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Shigellosis

What is it? Shigellosis is an infectious illness, which is recognised initially by the symptoms. These can include severe diarrhoea (often with blood or mucous), vomiting, abdominal pain and fever. These symptoms can last from several days to several weeks, but usually 4-7 days.

How is it caused?

It is caused by the shigella bacteria entering the body through the mouth usually from unwashed hands and sometimes from infected food or drink.

Possible sources of the infection can include: -

contaminated objects such as toys, door handles, pencils, cutlery etc.
food prepared by someone who already has the infection
contaminated water or milk

How is it spread?

It can be spread from person to person.

If an infected person does not wash his or her hands properly after going to the toilet their hands may be contaminated with the bacteria. They can then pass the infection on, either by direct contact with other people, or, indirectly, by preparing food or touching objects like those described in the previous section.

It is also possible to be a carrier and to spread germs without having any symptoms or even knowing that you are infected.


How can I stop the infection spreading?

People with diarrhoea and vomiting symptoms are the greatest risk. Once the symptoms have gone, the chances of spreading the infection are reduced. Anyone who has diarrhoea would be well advised to temporarily reduce social contact with others.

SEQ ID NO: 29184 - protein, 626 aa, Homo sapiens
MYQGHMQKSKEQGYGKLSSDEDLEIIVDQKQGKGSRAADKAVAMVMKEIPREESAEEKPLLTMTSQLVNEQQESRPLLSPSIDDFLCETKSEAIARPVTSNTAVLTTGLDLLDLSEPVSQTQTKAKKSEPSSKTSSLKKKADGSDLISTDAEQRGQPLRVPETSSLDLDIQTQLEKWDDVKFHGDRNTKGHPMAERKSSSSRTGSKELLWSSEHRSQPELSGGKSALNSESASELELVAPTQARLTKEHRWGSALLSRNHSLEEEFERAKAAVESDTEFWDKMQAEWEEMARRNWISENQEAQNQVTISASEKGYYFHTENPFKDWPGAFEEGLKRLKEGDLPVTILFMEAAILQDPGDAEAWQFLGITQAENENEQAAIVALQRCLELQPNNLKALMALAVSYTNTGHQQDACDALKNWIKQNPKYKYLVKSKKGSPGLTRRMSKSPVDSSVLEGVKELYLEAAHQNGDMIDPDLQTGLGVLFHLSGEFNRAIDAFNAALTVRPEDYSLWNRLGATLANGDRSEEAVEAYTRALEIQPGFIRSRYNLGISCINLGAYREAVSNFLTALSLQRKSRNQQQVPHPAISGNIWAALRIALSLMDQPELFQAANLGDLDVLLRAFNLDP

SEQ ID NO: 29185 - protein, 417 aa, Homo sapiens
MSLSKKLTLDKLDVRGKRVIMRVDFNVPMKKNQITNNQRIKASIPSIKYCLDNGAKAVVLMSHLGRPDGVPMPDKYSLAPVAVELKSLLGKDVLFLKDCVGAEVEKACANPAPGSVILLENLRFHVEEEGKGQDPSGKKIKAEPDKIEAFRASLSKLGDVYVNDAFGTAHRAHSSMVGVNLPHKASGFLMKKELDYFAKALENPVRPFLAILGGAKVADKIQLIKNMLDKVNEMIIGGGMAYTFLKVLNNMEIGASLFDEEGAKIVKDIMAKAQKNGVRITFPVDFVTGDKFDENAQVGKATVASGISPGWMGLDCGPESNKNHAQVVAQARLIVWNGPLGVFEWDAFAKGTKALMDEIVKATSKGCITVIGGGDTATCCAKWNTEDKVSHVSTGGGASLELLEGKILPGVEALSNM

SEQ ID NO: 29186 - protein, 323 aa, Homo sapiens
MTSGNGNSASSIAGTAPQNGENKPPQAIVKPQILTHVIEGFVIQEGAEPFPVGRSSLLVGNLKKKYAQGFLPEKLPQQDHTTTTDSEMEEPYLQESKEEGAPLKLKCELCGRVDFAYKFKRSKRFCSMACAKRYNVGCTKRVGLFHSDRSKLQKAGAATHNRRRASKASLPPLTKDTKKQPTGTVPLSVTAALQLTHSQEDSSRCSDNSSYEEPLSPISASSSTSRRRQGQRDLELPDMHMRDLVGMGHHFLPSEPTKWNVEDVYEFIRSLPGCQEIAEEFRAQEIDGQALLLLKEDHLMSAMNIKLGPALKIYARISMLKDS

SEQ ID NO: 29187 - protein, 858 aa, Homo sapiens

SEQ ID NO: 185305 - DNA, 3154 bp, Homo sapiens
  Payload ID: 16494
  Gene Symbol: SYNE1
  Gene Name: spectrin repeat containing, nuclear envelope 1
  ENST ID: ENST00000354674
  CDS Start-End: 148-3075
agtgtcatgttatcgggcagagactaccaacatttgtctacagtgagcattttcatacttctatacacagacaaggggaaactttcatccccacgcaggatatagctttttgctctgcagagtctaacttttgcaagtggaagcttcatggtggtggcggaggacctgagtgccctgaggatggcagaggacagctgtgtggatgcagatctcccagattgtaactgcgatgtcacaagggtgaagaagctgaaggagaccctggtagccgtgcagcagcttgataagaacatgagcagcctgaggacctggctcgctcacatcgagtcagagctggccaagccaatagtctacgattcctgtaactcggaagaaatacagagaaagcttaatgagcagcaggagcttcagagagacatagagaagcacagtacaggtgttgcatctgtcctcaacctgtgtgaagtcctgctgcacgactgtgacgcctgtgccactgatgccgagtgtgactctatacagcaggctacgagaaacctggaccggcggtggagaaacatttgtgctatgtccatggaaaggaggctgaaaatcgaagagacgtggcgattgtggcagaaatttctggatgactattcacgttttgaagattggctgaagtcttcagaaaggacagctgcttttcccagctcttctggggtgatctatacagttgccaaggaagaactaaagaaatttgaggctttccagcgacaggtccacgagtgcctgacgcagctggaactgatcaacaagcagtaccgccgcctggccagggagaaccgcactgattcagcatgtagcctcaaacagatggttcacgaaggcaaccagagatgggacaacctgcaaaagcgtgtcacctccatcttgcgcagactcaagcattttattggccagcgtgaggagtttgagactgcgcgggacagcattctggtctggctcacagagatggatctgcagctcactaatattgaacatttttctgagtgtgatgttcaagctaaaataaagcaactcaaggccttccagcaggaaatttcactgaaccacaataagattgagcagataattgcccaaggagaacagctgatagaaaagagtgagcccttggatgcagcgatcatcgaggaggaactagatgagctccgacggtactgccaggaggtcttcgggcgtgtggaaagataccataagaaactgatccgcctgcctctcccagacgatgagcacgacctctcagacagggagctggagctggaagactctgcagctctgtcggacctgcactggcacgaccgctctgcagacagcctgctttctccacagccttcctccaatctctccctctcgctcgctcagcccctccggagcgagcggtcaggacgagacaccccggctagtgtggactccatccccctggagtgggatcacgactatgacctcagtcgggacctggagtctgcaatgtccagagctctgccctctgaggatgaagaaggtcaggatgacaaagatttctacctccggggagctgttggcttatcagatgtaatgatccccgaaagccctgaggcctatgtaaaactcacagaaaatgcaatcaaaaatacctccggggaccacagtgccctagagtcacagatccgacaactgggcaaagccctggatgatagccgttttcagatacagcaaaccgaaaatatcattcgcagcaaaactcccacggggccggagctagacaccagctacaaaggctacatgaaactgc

If you handle food or drink or are in contact with young children or elderly people in the course of your daily work you should tell your employer or supervisor.

What precautionary measures can I take?

Ensure hands are washed thoroughly and regularly.

Soap, hot water and a nail brush should be used.

Small children should have their hands washed for them.

Wash Hands Before:

preparing or serving food and drink
handling children or babies
eating or drinking
Wash Hands After:

using or cleaning the toilet
attending to someone suffering from shigellosis
changing babies nappies
handling soiled clothes or sheets
Boil soiled laundry for 10 minutes or wash using the hot setting on a domestic washing machine. Alternatively soak in a recommended disinfectant.

Use rubber gloves when cleaning the toilet.

After the toilet has been used, wipe the flush handle, seat and door handle with a suitable disinfectant.

Use separate towels and flannels for each person in the household.

Handle food as little as possible, particularly when it is going to be eaten by other people.


Will I need treatment?

No treatment is usually given for shigella infections. It is simply a case of letting the body's natural defences deal with the infection. In some cases antibiotics may be prescribed but such treatments can have the disadvantage of extending the time during which the patient carries and can pass on the germ.


Do I need to submit specimens?

In some cases it may be necessary to collect specimens of faeces for analysis to confirm the presence of a pathogenic organism. The results can help in determining the possible source of an infection.

Where it is felt necessary to submit a faecal sample an Environmental Health Officer will contact you. You will be given a special container and full instructions on collecting a sample. The sample will be sent to the laboratory for analysis and you will be advised of the outcome.